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Not in my world ... the shoulder of the 222 is in the wrong place , too short ...
Firing a 222 in 223 chamber would result in the 222 moving forward ... it headspaces on the shoulder...and the primer not igniting (light strike syndrone) or if the extractor held the case for the firing pin to stike ... extreme excess headspace .
Not a great idea ... Don't Do It !
Gary
 

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What exactly was the result you saw.
I arrived in time to watch my FIL drive the bolt handle up with a ballpeen hammer.
Then it took a rod down the barrel to get it to retract. (more hammer work)
A close look showed a clear bore much to my surprise since only about 2/3 of the case was still there.
The real shocker to me was Remington repairing and returning his 700.

The lesson here is fewer calibers (and beers) on the bench at any one time.
 
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I arrived in time to watch my FIL drive the bolt handle up with a ballpeen hammer.
Then it took a rod down the barrel to get it to retract. (more hammer work)
A close look showed a clear bore much to my surprise since only about 2/3 of the case was still there.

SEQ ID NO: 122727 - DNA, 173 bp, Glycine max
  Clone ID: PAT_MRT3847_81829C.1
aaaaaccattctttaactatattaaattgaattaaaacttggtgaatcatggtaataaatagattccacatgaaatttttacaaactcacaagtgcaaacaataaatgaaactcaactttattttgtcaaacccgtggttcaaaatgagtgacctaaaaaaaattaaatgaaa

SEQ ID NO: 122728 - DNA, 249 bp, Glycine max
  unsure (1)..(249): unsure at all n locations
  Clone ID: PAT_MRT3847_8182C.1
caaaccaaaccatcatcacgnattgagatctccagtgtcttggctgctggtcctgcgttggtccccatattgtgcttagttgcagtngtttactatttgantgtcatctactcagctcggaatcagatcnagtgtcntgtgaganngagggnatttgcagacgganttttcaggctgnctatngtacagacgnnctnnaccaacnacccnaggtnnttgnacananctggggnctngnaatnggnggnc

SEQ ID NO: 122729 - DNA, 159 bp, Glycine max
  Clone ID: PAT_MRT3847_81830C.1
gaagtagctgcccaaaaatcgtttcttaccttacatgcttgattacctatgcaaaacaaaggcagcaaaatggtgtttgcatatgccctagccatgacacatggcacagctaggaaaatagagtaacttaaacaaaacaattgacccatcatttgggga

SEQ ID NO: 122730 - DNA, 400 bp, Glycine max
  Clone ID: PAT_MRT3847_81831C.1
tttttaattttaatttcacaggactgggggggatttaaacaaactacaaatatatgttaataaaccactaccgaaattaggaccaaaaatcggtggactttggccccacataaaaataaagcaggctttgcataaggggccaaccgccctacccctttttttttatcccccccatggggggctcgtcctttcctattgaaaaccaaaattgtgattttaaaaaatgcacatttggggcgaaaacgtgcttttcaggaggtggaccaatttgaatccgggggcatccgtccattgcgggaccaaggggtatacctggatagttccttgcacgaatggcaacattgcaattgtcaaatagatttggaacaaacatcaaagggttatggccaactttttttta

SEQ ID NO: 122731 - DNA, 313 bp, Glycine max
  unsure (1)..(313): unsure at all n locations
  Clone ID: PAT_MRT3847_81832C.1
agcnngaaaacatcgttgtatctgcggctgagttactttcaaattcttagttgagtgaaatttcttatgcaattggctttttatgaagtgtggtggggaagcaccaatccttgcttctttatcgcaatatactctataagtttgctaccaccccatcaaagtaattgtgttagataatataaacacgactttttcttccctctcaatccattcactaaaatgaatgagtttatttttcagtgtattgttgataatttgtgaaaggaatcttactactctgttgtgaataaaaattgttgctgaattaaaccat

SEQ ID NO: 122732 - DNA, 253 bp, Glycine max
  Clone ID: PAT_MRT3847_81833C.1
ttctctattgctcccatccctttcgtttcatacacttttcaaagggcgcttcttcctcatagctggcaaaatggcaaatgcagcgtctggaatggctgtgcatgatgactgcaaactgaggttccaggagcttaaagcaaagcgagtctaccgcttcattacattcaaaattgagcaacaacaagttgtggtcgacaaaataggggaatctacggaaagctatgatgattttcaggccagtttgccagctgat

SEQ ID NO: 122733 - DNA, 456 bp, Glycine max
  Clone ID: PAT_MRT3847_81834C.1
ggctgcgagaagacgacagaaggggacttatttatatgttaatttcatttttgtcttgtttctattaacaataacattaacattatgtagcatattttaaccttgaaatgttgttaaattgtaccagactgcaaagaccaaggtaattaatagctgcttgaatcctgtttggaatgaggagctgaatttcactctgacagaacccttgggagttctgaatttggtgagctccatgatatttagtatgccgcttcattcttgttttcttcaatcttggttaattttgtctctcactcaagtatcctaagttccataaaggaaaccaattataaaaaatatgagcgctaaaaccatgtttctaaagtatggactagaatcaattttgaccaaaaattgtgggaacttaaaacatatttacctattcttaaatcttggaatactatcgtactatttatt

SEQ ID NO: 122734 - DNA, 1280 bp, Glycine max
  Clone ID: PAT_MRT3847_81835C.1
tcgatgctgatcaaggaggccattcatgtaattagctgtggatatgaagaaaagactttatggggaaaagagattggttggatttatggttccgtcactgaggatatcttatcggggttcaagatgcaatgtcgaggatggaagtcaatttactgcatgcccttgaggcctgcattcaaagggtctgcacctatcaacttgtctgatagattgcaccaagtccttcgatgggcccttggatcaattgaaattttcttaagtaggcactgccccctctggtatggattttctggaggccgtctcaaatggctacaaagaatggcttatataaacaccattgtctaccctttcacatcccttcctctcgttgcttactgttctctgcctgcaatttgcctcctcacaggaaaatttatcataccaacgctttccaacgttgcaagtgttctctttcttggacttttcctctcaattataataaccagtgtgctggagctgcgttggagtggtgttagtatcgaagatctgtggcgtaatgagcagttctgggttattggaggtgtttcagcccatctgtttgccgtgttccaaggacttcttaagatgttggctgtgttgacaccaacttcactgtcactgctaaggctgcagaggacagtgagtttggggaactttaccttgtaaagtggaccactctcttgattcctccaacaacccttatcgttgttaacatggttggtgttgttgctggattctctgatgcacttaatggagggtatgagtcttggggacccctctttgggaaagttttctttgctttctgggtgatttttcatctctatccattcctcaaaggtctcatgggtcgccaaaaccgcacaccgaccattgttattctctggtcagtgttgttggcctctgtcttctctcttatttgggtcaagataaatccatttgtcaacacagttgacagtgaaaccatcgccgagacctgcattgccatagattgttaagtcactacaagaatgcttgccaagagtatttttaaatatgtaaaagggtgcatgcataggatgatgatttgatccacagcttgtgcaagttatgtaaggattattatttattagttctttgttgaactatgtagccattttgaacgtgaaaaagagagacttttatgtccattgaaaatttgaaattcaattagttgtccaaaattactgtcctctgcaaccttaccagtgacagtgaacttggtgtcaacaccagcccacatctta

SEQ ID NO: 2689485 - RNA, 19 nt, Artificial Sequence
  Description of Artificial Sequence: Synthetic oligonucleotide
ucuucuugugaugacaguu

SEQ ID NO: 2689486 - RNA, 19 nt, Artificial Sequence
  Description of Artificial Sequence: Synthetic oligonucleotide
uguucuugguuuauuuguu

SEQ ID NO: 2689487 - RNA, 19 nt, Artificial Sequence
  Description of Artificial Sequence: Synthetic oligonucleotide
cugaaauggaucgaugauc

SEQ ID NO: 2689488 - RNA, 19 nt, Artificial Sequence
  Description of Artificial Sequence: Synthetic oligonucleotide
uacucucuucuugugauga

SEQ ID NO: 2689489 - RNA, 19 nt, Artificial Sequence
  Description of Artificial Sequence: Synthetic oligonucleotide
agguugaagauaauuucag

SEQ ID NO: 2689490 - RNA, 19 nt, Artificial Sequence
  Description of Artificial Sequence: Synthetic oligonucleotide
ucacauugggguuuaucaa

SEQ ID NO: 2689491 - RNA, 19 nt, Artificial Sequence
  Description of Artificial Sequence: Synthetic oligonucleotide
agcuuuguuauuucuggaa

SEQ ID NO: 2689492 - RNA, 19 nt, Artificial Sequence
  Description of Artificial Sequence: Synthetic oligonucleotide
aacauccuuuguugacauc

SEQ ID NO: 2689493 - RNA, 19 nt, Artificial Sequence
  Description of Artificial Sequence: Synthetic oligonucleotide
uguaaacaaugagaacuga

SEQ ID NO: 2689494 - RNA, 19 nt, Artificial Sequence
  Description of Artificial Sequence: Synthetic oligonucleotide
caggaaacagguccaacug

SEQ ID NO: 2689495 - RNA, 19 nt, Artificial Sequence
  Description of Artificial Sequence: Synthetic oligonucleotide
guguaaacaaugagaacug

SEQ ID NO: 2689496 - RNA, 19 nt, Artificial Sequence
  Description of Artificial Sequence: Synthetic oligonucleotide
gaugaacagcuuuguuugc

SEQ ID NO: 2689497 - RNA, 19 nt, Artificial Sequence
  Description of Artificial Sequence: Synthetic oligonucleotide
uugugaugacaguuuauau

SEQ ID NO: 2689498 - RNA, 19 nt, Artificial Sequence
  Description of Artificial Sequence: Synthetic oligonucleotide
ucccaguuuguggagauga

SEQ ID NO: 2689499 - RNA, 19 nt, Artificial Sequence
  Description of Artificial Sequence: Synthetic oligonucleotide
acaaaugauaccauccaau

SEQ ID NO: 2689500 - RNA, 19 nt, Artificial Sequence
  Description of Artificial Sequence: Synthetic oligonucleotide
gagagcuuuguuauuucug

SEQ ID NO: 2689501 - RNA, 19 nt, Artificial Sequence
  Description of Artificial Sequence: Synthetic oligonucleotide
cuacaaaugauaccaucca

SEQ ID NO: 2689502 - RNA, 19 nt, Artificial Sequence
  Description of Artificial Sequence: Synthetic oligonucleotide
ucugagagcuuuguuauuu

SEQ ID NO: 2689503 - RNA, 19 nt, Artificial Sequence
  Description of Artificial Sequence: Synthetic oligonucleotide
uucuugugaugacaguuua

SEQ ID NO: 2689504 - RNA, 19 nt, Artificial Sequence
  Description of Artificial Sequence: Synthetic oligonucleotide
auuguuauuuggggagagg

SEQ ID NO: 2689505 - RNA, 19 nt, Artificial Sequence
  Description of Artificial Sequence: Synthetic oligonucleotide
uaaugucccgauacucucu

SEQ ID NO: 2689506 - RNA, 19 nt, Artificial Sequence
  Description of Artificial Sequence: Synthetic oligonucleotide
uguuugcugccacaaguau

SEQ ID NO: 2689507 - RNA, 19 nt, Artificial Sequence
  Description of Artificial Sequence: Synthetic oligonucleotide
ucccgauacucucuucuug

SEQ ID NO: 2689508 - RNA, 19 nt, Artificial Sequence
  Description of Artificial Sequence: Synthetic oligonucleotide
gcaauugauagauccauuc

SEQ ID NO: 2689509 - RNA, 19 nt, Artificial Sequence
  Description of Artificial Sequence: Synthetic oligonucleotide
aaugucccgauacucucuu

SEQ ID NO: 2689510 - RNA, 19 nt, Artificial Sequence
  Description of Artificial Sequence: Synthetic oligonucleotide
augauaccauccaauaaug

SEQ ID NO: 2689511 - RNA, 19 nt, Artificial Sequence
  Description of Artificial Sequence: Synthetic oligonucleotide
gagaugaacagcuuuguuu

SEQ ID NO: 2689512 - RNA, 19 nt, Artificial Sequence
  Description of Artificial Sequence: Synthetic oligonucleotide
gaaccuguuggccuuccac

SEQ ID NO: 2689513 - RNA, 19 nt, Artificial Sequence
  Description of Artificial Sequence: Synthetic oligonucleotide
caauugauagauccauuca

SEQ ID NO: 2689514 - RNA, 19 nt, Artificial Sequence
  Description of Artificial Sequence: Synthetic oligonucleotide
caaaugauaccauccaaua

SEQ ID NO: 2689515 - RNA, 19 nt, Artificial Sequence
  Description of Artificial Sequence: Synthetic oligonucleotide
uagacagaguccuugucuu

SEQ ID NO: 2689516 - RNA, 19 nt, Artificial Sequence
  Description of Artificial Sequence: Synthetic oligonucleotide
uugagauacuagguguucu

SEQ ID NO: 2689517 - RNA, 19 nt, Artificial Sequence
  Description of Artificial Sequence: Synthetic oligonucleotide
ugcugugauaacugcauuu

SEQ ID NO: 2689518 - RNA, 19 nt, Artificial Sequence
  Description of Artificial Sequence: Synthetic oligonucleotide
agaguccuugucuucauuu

The real shocker to me was Remington repairing and returning his 700.

The lesson here is fewer calibers (and beers) on the bench at any one time.
I had no idea the 700 Remington action was that strong ... a 308 round fired in a 25-06 rifle must have generated some hellacious pressure ... I'm impressed ... with the Remington 700 not the act of shooting the wrong ammo in the rifle .

How about the lesson being ... Be smart and pay attention when shooting ... this activity should not be undertaken by idiots , fools and "The Clueless" !
Gary
 

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I would not try that...........each cartridge is tiny bits different than others. No way would that go for me as we are not playing with air soft here.